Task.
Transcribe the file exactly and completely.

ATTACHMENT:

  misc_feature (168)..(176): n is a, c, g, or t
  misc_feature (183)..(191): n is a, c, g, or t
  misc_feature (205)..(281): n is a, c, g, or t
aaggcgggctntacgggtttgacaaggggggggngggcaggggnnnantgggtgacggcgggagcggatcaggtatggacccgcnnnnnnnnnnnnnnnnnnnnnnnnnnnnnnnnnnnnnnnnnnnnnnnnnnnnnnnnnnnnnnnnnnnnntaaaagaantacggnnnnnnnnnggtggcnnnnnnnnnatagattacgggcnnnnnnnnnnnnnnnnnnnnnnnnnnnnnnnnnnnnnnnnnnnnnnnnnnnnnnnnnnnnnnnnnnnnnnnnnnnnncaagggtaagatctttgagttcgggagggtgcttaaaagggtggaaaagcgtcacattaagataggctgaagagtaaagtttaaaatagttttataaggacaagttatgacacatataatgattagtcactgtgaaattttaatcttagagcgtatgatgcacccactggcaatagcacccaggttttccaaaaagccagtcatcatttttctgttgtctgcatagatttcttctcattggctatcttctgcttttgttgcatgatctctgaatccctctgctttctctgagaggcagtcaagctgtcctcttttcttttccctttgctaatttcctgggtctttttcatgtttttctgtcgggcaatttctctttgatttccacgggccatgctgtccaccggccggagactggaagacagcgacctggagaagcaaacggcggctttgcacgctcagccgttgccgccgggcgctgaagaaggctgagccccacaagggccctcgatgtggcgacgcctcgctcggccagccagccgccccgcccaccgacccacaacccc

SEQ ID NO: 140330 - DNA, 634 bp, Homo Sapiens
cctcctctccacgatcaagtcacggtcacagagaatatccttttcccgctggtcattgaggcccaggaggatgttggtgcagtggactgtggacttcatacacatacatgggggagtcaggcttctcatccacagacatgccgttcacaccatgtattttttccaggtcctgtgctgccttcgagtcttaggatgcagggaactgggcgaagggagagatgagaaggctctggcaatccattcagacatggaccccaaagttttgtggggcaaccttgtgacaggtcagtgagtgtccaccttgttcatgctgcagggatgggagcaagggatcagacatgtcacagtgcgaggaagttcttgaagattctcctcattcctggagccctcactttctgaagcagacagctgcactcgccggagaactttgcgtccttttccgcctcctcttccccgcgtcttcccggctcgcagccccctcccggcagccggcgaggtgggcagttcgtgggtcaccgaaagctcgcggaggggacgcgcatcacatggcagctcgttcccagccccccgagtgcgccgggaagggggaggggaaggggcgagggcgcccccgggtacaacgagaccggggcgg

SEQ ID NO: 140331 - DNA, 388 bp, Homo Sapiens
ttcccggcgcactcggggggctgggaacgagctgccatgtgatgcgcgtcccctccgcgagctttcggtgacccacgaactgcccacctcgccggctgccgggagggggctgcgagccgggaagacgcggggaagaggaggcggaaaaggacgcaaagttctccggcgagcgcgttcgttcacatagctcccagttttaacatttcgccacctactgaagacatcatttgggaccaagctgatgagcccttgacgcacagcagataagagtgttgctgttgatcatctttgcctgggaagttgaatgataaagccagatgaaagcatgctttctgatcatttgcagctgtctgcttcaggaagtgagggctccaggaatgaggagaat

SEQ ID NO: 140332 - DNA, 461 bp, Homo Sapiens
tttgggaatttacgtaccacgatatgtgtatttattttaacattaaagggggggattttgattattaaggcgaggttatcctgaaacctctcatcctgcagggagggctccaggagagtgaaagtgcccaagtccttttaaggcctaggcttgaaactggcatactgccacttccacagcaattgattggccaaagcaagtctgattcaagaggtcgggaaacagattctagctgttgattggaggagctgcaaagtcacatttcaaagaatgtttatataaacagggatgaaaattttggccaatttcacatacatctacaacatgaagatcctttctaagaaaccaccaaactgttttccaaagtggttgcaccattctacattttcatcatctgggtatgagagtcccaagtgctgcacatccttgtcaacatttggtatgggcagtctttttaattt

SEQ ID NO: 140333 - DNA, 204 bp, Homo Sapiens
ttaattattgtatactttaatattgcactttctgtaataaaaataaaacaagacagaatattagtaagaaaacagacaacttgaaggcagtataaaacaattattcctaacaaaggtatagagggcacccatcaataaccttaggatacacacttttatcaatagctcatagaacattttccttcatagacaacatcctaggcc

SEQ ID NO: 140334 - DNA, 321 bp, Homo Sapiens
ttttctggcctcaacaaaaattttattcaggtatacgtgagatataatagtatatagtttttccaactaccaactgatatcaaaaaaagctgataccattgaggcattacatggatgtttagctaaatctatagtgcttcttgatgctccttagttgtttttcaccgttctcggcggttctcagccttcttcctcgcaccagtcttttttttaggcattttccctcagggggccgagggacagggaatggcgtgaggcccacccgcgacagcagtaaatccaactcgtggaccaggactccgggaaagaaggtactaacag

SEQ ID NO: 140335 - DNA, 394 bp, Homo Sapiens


  misc_feature (168)..(176): n is a, c, g, or t
  misc_feature (183)..(191): n is a, c, g, or t
  misc_feature (205)..(281): n is a, c, g, or t
aaggcgggctntacgggtttgacaaggggggggngggcaggggnnnantgggtgacggcgggagcggatcaggtatggacccgcnnnnnnnnnnnnnnnnnnnnnnnnnnnnnnnnnnnnnnnnnnnnnnnnnnnnnnnnnnnnnnnnnnnnntaaaagaantacggnnnnnnnnnggtggcnnnnnnnnnatagattacgggcnnnnnnnnnnnnnnnnnnnnnnnnnnnnnnnnnnnnnnnnnnnnnnnnnnnnnnnnnnnnnnnnnnnnnnnnnnnnncaagggtaagatctttgagttcgggagggtgcttaaaagggtggaaaagcgtcacattaagataggctgaagagtaaagtttaaaatagttttataaggacaagttatgacacatataatgattagtcactgtgaaattttaatcttagagcgtatgatgcacccactggcaatagcacccaggttttccaaaaagccagtcatcatttttctgttgtctgcatagatttcttctcattggctatcttctgcttttgttgcatgatctctgaatccctctgctttctctgagaggcagtcaagctgtcctcttttcttttccctttgctaatttcctgggtctttttcatgtttttctgtcgggcaatttctctttgatttccacgggccatgctgtccaccggccggagactggaagacagcgacctggagaagcaaacggcggctttgcacgctcagccgttgccgccgggcgctgaagaaggctgagccccacaagggccctcgatgtggcgacgcctcgctcggccagccagccgccccgcccaccgacccacaacccc

SEQ ID NO: 140330 - DNA, 634 bp, Homo Sapiens
cctcctctccacgatcaagtcacggtcacagagaatatccttttcccgctggtcattgaggcccaggaggatgttggtgcagtggactgtggacttcatacacatacatgggggagtcaggcttctcatccacagacatgccgttcacaccatgtattttttccaggtcctgtgctgccttcgagtcttaggatgcagggaactgggcgaagggagagatgagaaggctctggcaatccattcagacatggaccccaaagttttgtggggcaaccttgtgacaggtcagtgagtgtccaccttgttcatgctgcagggatgggagcaagggatcagacatgtcacagtgcgaggaagttcttgaagattctcctcattcctggagccctcactttctgaagcagacagctgcactcgccggagaactttgcgtccttttccgcctcctcttccccgcgtcttcccggctcgcagccccctcccggcagccggcgaggtgggcagttcgtgggtcaccgaaagctcgcggaggggacgcgcatcacatggcagctcgttcccagccccccgagtgcgccgggaagggggaggggaaggggcgagggcgcccccgggtacaacgagaccggggcgg

SEQ ID NO: 140331 - DNA, 388 bp, Homo Sapiens
ttcccggcgcactcggggggctgggaacgagctgccatgtgatgcgcgtcccctccgcgagctttcggtgacccacgaactgcccacctcgccggctgccgggagggggctgcgagccgggaagacgcggggaagaggaggcggaaaaggacgcaaagttctccggcgagcgcgttcgttcacatagctcccagttttaacatttcgccacctactgaagacatcatttgggaccaagctgatgagcccttgacgcacagcagataagagtgttgctgttgatcatctttgcctgggaagttgaatgataaagccagatgaaagcatgctttctgatcatttgcagctgtctgcttcaggaagtgagggctccaggaatgaggagaat

SEQ ID NO: 140332 - DNA, 461 bp, Homo Sapiens
tttgggaatttacgtaccacgatatgtgtatttattttaacattaaagggggggattttgattattaaggcgaggttatcctgaaacctctcatcctgcagggagggctccaggagagtgaaagtgcccaagtccttttaaggcctaggcttgaaactggcatactgccacttccacagcaattgattggccaaagcaagtctgattcaagaggtcgggaaacagattctagctgttgattggaggagctgcaaagtcacatttcaaagaatgtttatataaacagggatgaaaattttggccaatttcacatacatctacaacatgaagatcctttctaagaaaccaccaaactgttttccaaagtggttgcaccattctacattttcatcatctgggtatgagagtcccaagtgctgcacatccttgtcaacatttggtatgggcagtctttttaattt

SEQ ID NO: 140333 - DNA, 204 bp, Homo Sapiens
ttaattattgtatactttaatattgcactttctgtaataaaaataaaacaagacagaatattagtaagaaaacagacaacttgaaggcagtataaaacaattattcctaacaaaggtatagagggcacccatcaataaccttaggatacacacttttatcaatagctcatagaacattttccttcatagacaacatcctaggcc

SEQ ID NO: 140334 - DNA, 321 bp, Homo Sapiens
ttttctggcctcaacaaaaattttattcaggtatacgtgagatataatagtatatagtttttccaactaccaactgatatcaaaaaaagctgataccattgaggcattacatggatgtttagctaaatctatagtgcttcttgatgctccttagttgtttttcaccgttctcggcggttctcagccttcttcctcgcaccagtcttttttttaggcattttccctcagggggccgagggacagggaatggcgtgaggcccacccgcgacagcagtaaatccaactcgtggaccaggactccgggaaagaaggtactaacag

SEQ ID NO: 140335 - DNA, 394 bp, Homo Sapiens